The PS2 came out at possibly the worst possible time. I was deep in the throes of an Everquest habit, and it followed up the PS1, a system where niche Japanese games tended to get incredibly small print runs and then disappear.
So I bought a ton of games for the thing based on “well, I don’t have time for this right now, but if I don’t buy it I’ll never be able to find it again”, which is (for the record) a terrible strategy.
Earlier this year, I finally admitted that there was a huge stack of JRPGs that were never going to get played, and those went on their way to eBay. It was a wonderfully freeing sensation.
Still, I wasn’t going to give up on Fatal Frame III. I’d played every other game in the series, and tried to start the third installment a couple of times, but for one reason or another had always bounced off of it early on.
More than that, I decided that I was going to Play It Right. I own the disc version of the game, so I could have ripped that, but instead I found an “undub” ISO of the game online, loaded up PCSX2, applied all of the patches to make the game widescreen and to improve the resolution and add anti-aliasing and all of that, got about an hour in, was feeling quite good about the whole thing…
…and it crashed during a cutscene. Save points in the Fatal Frame games can be a little scarce, so I wound up quite a bit back from where I’d gotten and was forced to re-evaluate what I really wanted out of the game.
It turns out that what I wanted was the ability to play a game without worrying whether the emulator I was running it on was going to up and die at any given moment, so I wound up going back to the “PS2 Classics” version off of PSN, which did NOT crash at any point and which actually looked OK, even if it wasn’t upscaled and antialiased and so on and so forth.
Fatal Frame 3 is a direct sequel to both Fatal Frames 1 & 2, though it doesn’t rely too much on you having played the earlier games. If you HAVE, you will get to enjoy a lot of the callbacks, mind you, and I’d recommend Fatal Frame 2 to everyone just on principle, so at least play that one.
Much like every other game in the series, you find yourself smack in the middle of an obscure Japanese ritual designed to save the world from unspeakable darkness, at the cost of sacrificing girls TO unspeakable darkness which you would think would be the first sign that things aren’t going to go to plan. There are a bunch of ghosts around, some of them are very unhappy with their state of affairs and want to kill you, you have a camera that somehow hurts ghosts, and there is a lot of wandering around looking for keys to open doors and a lot of undead that need to lose the significant prefix in order to dispel seals.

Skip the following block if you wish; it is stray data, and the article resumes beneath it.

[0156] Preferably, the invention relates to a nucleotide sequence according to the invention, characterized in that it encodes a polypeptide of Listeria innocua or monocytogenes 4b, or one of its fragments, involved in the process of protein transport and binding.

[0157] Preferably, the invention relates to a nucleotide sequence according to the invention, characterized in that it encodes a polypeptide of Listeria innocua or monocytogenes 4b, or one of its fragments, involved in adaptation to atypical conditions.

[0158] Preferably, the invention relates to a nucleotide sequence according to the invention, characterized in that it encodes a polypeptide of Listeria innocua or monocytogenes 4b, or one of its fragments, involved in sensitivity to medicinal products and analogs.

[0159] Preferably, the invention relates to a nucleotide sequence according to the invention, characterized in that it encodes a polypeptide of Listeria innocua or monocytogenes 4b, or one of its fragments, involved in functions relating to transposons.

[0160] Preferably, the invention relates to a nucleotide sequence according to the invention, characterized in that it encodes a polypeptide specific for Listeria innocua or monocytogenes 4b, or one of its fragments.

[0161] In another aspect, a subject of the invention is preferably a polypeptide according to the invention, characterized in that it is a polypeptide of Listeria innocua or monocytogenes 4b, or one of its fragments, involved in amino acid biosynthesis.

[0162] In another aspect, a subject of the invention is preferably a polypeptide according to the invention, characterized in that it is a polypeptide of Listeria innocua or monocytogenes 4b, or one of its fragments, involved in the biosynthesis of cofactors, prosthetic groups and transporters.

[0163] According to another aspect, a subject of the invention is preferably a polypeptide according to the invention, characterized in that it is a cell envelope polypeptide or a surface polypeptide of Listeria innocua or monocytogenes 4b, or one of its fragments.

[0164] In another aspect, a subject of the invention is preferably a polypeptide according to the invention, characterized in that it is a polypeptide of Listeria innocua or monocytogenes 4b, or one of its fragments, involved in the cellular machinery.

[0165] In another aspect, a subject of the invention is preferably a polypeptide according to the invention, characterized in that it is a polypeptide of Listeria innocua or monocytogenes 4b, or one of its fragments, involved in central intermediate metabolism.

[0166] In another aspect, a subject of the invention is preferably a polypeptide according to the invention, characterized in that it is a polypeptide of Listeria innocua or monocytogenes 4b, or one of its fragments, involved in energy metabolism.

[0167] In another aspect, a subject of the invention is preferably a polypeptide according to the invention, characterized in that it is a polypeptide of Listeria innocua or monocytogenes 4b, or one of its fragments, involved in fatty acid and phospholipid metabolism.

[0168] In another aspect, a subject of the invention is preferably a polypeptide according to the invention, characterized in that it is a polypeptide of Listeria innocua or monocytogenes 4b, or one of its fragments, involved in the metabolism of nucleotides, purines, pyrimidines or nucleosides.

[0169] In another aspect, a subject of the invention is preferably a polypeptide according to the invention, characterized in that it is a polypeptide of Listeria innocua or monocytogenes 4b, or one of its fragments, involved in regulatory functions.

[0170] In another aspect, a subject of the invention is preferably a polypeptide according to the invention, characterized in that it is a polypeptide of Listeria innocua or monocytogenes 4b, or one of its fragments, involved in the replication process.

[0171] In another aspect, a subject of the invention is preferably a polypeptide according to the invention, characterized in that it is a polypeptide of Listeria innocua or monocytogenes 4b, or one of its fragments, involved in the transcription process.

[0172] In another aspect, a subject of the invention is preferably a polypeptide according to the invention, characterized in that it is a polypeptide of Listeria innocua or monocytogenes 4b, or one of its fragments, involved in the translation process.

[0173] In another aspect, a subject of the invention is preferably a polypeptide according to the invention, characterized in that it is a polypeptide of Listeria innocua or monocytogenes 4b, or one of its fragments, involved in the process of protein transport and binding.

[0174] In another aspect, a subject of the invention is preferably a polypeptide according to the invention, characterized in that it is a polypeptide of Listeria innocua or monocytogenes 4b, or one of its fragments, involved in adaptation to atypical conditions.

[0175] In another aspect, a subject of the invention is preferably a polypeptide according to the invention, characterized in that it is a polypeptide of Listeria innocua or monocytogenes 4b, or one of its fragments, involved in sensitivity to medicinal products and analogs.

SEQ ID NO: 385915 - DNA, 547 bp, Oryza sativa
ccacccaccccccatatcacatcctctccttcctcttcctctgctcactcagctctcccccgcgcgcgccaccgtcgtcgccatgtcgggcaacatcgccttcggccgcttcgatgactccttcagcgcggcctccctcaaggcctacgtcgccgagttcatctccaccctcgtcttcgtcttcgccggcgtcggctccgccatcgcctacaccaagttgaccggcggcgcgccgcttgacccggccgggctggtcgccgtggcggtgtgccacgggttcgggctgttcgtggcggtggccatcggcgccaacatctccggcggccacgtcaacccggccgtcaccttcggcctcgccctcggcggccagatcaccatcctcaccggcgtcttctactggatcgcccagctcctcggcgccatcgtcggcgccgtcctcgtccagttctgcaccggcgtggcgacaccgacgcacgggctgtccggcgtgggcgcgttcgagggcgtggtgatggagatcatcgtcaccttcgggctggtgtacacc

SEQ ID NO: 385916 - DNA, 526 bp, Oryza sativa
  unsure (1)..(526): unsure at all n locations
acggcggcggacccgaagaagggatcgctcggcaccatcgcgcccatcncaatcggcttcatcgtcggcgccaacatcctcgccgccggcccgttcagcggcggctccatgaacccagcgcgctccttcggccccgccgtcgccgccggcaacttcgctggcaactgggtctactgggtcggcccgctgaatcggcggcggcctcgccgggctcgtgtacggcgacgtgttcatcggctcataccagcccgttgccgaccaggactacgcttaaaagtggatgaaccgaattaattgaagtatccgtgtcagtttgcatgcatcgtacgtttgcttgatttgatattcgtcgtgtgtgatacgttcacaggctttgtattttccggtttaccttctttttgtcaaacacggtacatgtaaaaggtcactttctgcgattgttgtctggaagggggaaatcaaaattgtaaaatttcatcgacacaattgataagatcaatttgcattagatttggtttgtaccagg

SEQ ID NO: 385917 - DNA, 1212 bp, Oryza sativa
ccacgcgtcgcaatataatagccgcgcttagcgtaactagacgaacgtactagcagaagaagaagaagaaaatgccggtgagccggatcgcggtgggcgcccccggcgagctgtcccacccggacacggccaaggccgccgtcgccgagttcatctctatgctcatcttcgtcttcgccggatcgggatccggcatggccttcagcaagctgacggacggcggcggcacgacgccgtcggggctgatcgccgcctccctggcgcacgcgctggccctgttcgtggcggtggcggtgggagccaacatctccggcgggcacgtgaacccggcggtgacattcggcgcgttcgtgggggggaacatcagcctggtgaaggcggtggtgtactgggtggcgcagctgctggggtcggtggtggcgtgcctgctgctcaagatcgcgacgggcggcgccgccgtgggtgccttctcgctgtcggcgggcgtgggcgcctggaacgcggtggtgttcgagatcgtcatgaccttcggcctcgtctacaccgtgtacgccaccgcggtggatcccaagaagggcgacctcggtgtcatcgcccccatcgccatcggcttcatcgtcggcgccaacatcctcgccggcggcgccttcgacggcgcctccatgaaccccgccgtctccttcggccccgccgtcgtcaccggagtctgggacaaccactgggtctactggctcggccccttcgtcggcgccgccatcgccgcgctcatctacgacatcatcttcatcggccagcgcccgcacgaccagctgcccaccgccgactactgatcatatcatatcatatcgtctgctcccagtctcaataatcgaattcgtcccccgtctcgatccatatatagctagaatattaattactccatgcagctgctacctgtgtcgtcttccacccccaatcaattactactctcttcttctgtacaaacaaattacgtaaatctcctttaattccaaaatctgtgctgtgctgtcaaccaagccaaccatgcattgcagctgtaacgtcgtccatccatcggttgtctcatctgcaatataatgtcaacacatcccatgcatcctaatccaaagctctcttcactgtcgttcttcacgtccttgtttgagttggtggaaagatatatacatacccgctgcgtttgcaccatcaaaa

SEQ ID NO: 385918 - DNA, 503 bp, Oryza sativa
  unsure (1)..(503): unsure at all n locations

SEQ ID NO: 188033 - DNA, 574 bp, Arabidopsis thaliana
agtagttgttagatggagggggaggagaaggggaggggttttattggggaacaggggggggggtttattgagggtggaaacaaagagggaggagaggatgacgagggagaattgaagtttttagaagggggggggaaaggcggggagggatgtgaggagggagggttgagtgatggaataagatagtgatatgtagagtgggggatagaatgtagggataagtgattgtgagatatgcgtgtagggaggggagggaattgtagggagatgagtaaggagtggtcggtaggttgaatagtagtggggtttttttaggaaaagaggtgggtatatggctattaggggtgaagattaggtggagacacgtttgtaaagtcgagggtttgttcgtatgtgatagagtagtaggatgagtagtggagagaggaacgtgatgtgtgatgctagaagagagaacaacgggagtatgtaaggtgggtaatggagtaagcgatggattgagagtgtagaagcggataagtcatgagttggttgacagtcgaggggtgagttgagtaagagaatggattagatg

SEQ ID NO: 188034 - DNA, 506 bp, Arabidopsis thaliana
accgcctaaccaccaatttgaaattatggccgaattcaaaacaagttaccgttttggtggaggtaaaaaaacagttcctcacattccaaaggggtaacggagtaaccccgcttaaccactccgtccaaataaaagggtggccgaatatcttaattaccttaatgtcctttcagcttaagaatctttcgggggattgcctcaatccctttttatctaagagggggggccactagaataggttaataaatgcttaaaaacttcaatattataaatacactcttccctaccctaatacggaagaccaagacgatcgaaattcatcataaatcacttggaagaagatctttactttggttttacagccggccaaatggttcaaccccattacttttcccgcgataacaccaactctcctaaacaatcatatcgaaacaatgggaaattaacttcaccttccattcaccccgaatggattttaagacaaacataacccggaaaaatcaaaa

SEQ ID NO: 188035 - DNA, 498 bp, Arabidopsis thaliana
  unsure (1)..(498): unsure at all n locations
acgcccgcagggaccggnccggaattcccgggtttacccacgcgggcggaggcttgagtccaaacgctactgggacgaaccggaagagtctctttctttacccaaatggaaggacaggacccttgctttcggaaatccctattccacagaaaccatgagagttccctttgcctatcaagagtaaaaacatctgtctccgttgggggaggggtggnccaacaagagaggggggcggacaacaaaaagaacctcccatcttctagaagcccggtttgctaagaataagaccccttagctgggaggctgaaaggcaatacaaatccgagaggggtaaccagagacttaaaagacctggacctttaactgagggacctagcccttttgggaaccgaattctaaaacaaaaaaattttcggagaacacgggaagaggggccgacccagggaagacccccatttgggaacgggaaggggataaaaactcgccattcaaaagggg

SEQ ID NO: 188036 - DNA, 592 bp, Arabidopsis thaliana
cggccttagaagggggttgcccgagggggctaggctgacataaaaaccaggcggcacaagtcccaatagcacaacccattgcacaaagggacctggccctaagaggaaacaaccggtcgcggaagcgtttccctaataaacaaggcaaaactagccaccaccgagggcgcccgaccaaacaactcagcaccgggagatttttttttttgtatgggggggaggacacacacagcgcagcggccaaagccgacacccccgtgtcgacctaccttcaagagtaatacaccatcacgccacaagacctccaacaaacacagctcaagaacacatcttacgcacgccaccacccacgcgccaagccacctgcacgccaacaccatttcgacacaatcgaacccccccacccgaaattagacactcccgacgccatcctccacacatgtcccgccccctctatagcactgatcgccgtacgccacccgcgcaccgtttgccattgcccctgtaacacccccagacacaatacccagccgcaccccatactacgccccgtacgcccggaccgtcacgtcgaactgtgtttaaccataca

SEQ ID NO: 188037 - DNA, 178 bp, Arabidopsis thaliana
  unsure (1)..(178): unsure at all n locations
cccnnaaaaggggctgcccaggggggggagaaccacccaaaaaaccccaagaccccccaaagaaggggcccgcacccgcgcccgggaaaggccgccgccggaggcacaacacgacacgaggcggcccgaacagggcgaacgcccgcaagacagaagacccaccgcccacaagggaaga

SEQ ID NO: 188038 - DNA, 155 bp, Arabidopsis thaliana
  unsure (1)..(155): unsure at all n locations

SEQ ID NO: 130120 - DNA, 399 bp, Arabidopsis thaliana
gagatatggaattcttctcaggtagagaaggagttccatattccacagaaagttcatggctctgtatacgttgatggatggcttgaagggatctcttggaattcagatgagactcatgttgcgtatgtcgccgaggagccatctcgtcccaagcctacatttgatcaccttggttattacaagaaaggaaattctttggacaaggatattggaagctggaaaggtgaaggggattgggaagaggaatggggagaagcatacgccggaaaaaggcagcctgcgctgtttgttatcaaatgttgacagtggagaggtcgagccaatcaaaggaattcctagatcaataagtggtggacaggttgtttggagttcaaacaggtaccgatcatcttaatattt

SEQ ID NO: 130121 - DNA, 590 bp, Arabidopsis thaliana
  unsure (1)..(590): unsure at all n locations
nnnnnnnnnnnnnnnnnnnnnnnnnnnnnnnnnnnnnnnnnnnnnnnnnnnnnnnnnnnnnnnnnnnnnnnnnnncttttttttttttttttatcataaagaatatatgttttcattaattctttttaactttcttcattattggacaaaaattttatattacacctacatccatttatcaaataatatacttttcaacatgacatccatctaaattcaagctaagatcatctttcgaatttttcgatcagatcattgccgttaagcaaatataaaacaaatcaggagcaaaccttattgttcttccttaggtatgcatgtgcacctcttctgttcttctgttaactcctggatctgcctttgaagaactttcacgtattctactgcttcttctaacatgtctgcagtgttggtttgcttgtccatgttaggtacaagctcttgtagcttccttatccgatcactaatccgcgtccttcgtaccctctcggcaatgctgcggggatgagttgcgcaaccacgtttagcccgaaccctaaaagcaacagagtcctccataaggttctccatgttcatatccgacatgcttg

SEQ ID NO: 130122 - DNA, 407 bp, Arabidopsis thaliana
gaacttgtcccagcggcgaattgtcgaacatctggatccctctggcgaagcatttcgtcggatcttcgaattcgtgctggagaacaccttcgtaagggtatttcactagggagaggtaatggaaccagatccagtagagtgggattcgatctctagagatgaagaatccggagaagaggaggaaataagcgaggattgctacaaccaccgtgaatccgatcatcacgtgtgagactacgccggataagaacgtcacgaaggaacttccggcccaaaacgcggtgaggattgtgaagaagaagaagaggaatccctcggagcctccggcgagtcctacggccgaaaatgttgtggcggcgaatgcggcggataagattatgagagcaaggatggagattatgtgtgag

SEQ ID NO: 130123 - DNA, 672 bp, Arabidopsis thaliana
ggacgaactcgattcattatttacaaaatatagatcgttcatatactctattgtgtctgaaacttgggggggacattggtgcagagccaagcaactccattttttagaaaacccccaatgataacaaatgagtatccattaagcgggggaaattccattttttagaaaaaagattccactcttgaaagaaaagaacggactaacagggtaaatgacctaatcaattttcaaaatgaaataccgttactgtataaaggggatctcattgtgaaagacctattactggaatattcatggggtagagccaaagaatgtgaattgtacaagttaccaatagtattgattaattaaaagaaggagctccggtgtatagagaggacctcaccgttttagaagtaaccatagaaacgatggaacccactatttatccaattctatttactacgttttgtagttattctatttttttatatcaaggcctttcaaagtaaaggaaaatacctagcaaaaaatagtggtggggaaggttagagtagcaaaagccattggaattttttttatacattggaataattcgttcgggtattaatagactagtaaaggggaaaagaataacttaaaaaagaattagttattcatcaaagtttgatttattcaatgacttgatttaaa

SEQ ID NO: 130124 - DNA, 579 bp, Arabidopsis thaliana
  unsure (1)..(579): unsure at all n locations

It’s pretty damn bleak and creepy, is what I’m getting at, though it does have the happiest ending I’ve seen in any game in the series.
On the downside, there’s rarely any real direction as to where you should be looking for the SPECIFIC ghosts you need to overcome to unseal any particular sealed door, so there is a lot of walking very slowly around a gigantic mansion, cursing your character’s inability to run, and then realizing that you have been holding the “run” button this time and that you actually COULD be moving even slower. A FAQ is therefore recommended for those “where am I supposed to be going now?” moments.
Also recommended: headphones, a dark room to sit in, and a controller that supports rumble. This game does a lot with rumble for atmosphere and I don’t think it would be nearly as effective without it.
It wasn’t my favorite game in the series, but there’s something about the specific nightmare fuel that the Fatal Frame games tap into that you won’t be finding anywhere else.
Oh, and I finished the Chuo line version of Densha De Go! Pocket last week as well. So that’s all of the PS2 games off the backlog and only one physical PSP game left. At some point here I am going to be down to only needing current-gen systems hooked up.